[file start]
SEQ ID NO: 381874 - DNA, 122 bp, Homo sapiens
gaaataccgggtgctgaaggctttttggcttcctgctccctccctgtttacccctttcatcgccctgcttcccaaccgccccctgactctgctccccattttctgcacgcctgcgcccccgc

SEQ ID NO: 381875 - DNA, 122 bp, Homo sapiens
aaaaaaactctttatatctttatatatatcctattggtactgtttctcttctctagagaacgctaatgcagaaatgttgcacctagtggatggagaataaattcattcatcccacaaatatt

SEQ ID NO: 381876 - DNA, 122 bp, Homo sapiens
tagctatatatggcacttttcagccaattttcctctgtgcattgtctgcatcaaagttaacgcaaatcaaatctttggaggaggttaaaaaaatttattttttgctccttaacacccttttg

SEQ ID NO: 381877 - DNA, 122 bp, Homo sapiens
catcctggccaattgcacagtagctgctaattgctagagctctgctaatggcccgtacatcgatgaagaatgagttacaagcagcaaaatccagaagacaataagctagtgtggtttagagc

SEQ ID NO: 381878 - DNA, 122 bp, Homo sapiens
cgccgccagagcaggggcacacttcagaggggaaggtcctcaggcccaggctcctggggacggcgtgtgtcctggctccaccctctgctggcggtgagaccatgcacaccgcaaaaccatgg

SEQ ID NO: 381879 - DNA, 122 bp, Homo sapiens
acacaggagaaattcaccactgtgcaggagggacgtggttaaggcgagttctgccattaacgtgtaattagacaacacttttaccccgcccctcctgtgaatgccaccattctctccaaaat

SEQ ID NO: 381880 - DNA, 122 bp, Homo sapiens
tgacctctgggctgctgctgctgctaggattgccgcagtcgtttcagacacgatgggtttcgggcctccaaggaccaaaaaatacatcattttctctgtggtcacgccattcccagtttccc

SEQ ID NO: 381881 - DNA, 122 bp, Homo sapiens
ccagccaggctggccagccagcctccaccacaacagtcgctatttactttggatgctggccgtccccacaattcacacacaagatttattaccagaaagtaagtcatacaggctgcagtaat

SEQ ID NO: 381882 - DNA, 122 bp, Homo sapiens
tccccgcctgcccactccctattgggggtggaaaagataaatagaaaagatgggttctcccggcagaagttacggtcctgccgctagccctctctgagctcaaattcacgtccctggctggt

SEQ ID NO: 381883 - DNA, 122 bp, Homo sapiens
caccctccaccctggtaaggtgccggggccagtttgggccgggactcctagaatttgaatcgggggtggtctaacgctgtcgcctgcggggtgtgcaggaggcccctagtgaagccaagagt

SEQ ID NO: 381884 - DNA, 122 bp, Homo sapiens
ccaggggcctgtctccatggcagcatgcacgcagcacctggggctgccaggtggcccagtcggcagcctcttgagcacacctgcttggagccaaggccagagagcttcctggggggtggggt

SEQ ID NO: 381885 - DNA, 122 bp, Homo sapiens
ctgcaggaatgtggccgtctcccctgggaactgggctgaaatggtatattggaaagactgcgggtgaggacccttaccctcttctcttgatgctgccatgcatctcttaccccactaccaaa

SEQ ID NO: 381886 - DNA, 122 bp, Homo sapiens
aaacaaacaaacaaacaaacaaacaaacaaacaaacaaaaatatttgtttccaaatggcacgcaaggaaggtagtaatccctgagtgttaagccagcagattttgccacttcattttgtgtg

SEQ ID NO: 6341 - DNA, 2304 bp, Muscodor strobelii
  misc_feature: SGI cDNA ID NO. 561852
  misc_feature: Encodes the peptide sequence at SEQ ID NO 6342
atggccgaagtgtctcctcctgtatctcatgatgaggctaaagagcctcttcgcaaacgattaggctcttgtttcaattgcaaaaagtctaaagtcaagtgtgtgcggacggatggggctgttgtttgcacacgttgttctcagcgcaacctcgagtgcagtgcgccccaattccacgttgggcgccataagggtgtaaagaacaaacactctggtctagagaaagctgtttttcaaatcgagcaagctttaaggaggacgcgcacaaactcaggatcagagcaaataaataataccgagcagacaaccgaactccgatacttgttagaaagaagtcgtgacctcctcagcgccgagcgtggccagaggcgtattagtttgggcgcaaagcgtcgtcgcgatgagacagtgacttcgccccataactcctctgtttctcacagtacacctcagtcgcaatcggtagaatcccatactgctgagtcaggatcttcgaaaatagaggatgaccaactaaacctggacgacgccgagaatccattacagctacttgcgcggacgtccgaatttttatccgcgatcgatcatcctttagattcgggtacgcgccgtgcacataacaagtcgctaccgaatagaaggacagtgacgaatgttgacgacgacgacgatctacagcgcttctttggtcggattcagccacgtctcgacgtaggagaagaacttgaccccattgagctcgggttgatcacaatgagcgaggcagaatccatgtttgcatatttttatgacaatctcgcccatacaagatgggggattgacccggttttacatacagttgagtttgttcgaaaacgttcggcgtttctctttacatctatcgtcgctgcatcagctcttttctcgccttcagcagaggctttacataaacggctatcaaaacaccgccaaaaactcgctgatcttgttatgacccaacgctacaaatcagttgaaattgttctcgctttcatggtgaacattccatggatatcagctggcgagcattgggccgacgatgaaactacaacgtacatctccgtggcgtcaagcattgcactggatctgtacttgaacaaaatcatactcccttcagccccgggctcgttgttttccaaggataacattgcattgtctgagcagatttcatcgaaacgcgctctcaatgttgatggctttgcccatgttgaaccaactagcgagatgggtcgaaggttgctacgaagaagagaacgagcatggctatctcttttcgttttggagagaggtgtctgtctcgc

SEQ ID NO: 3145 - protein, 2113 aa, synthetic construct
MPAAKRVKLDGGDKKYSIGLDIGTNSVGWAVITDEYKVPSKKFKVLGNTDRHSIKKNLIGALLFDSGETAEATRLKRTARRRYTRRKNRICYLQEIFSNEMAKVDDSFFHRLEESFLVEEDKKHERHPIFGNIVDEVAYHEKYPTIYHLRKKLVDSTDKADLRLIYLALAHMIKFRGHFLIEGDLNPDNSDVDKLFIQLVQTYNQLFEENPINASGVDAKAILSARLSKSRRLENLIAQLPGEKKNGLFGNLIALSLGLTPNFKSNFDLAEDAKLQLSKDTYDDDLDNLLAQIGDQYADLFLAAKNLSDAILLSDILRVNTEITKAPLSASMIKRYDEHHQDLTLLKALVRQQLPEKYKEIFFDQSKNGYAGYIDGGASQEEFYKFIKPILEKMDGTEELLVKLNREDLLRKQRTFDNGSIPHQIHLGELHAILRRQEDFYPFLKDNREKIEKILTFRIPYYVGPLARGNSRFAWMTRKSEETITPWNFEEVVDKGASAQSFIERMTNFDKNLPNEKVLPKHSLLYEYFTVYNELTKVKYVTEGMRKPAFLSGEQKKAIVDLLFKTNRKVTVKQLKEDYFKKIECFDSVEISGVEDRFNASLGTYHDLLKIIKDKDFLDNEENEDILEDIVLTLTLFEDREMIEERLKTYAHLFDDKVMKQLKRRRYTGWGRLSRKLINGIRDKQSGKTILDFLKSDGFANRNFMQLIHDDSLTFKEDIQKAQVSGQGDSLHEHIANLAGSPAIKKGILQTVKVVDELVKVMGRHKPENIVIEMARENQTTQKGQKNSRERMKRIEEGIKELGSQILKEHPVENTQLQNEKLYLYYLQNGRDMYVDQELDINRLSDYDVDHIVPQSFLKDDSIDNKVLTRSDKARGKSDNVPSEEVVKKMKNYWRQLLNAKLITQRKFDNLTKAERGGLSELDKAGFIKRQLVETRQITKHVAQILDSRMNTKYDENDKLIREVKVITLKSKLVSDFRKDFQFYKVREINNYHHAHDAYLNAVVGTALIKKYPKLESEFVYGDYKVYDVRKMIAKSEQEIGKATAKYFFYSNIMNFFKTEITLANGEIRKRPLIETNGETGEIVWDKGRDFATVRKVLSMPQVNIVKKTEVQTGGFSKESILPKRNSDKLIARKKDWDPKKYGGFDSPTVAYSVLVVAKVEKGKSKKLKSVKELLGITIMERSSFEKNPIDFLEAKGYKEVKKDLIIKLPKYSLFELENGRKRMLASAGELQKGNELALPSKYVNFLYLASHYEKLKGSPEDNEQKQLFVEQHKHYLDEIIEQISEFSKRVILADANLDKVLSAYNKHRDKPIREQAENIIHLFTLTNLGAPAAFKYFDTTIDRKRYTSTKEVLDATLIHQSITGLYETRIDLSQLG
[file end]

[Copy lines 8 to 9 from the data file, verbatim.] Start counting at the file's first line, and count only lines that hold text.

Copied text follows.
catcctggccaattgcacagtagctgctaattgctagagctctgctaatggcccgtacatcgatgaagaatgagttacaagcagcaaaatccagaagacaataagctagtgtggtttagagc

SEQ ID NO: 381878 - DNA, 122 bp, Homo sapiens